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Sunday, October 1, 2023

BoI/UNDP initiative retrofits rural homes with solar systems

Foremost development finance institution, Bank of Industry (BoI) in a collaboration with the United Nations Development Programme (UNDP), recently commissioned 48KW pilot model off-grid solar home systems in two rural communities in the North-East and South West zones of the country. Olufemi Adeosun writes that the initiative will not only help to cater for the energy needs of the people in these areas, but also preserve the environment

BoI Managing Director, Mr. Rasheed Olaoluwa, at the Osun event
BoI Managing Director, Mr. Rasheed Olaoluwa, at the Osun event

While inadequate supply of electricity has been identified as one of the factors responsible for collapse of industries in the country, little has been said about its impacts of on the lives of thousands of rural dwellers who are not connected to the national grid and, as such, denied access to basic amenities that make life worth living.

In order to meet their energy needs, these neglected members of the society are consigned to hewing firewood for cooking, rely on kerosine lanterns and oil lamps for illumination, as well as adopt other sources of power which are not only inimical to their healthy, but also harmful to the environment.

It is these thousands of off-grid communities that the BoI is targeting through its Solar Energy Partnership with the United Nations Development Programme (UNDP). Under the programme, the development finance institution is providing long-term financing for the installation of off-grid solar home systems in six communities under a pilot phase.

The decision of BoI to fund renewable energy projects, company officials say, is in line with the policy direction of the present administration. According to them, apart from being the first President that openly  made concerns for climate change as part of his campaign issues, Mohammadu Buhari had during the Nigeria Alternative Power Expo (NAEE), called on investors in the power sector to shift emphasis towards environment friendly alternative sources of power generation in order to protect the ecosystem.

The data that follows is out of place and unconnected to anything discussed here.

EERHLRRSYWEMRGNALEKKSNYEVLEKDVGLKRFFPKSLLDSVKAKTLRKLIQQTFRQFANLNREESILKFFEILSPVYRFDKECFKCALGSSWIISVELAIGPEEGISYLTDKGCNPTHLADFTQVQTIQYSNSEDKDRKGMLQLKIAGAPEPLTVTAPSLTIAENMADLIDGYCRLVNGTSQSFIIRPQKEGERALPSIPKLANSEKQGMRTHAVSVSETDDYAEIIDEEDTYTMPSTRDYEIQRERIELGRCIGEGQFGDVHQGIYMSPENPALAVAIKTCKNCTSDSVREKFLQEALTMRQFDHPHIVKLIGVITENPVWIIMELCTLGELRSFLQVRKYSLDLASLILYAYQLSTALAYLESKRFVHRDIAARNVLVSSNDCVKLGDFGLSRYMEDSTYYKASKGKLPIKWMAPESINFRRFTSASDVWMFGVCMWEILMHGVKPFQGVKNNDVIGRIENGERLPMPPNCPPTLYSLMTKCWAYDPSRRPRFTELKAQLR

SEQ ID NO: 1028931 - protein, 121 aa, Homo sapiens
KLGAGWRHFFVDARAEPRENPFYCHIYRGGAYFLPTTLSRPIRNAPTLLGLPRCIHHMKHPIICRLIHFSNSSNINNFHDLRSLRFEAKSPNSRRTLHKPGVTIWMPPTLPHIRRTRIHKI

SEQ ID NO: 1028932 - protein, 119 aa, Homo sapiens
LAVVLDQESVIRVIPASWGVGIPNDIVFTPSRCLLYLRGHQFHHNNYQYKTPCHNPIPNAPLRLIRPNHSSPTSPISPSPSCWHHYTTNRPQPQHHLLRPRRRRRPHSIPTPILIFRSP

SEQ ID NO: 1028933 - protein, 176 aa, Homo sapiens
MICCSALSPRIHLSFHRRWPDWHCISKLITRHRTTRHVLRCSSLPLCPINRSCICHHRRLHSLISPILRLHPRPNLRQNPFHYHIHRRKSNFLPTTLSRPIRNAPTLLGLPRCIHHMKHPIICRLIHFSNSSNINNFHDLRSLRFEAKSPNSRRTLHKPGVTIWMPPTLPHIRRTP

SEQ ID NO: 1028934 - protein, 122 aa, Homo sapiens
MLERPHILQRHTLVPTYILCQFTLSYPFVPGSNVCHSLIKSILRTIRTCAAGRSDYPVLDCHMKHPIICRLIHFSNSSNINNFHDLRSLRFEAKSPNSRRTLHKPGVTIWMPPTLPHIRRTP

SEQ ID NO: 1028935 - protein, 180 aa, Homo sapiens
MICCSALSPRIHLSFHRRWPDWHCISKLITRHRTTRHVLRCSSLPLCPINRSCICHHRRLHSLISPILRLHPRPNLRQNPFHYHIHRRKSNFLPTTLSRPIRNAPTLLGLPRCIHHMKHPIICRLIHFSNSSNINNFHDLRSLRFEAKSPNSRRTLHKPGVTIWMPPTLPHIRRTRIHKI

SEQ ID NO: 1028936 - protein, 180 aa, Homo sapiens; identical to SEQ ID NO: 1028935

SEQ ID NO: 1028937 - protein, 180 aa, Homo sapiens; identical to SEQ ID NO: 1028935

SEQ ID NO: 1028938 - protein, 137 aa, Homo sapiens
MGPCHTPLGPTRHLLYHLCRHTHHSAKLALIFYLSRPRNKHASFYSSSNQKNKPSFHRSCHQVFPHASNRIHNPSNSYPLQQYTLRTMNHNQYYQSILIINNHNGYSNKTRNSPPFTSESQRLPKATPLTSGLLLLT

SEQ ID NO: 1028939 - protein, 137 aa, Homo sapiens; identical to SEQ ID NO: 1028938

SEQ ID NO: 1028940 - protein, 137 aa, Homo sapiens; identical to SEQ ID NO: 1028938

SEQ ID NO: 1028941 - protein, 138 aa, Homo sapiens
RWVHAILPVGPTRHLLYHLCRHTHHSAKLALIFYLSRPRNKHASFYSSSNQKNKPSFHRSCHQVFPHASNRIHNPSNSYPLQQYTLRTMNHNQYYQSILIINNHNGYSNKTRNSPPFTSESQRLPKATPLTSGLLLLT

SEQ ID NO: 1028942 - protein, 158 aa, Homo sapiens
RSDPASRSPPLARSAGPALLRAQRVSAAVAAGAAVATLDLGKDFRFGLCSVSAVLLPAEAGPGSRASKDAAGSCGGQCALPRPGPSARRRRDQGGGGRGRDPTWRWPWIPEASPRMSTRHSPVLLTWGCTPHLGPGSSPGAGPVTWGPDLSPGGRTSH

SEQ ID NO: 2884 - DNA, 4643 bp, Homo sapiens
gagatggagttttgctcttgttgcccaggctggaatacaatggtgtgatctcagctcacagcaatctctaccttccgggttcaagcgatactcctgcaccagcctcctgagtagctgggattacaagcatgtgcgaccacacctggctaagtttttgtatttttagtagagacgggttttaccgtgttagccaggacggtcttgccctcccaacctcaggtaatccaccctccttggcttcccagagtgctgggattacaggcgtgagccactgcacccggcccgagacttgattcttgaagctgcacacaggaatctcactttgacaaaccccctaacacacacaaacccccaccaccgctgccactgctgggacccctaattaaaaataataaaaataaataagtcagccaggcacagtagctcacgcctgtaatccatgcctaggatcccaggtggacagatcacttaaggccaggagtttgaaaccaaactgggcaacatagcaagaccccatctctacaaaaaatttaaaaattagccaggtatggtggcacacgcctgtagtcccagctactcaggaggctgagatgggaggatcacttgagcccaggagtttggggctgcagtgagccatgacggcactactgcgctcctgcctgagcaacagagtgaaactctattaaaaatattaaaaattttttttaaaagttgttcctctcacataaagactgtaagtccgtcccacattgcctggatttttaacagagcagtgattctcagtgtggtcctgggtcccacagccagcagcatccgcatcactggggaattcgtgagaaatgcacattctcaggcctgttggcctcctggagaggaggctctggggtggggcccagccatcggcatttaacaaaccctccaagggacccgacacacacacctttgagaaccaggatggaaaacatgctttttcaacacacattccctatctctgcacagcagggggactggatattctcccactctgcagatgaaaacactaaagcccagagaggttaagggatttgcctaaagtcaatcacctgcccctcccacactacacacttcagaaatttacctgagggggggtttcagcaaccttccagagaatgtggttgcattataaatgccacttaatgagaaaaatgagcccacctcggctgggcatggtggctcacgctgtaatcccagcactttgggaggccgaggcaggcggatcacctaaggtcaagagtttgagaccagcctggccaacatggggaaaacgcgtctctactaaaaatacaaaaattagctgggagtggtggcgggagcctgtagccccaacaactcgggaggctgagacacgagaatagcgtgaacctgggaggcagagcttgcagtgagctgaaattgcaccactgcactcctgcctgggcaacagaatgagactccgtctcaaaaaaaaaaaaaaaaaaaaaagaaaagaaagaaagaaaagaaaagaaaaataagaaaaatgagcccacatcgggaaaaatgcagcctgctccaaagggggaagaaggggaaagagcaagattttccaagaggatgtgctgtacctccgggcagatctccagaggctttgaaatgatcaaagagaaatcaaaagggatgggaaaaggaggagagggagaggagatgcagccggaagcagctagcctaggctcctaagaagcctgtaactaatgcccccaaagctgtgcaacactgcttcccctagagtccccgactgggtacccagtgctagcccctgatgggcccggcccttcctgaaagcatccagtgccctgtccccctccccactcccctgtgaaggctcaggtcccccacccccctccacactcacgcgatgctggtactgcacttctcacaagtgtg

Apart from the already commissioned 24KW micro-grid solar electrification each in Bisanti (a remote village in Katcha Local Government Area of Niger State) and in Ife-North LGA in Osun State, the project is to be replicated in four other communities, namely: Ogbekpen, Ikpoba in Okha LGA, Edo State; Kolwa Kaltunga LGA, Gombe State; Onono, Anambra West LGA, in Anambra State; and Carwa/Cakum, Markarfi LGA, Kano State.

The over 200 rural dwellers in each of the communities captured under the project are expected to have sufficient solar electricity to power three LED light bulbs, one electric fan, one radio/TV set and a mobile phone charging system. Unlike in the grid system in which electricity bill is by fiat, the solar power system will be anchored on Pay-as-You-Go prepaid technology.

BoI Managing Director, Mr. Rasheed Olaoluwa, underlined the need to impact on the lives of thousands of people in remote villages that are not connected to the national grid, saying that this was the driving force behind the project. According to him, the rural electrification solution would not only help in reducing the rural-urban migration, it would help to preserve the lives of the people as well as the ecosystem.

He said, “Those that are worse hit by the current electricity situation in the country are the rural communities, especially the off-grid areas which have always been without electricity and have resigned their fate to the use of kerosine lanterns, oil lamps and other types of dangerous and unhealthy sources of light to be able to live their daily lives.

“Firstly the installation of off-grid solar home systems in the two communities will help develop the communities. Secondly, we can begin to see a slowdown in rural-urban migration, and possibly a reversal. It is a model we are deploying in six communities across the six geopolitical zones.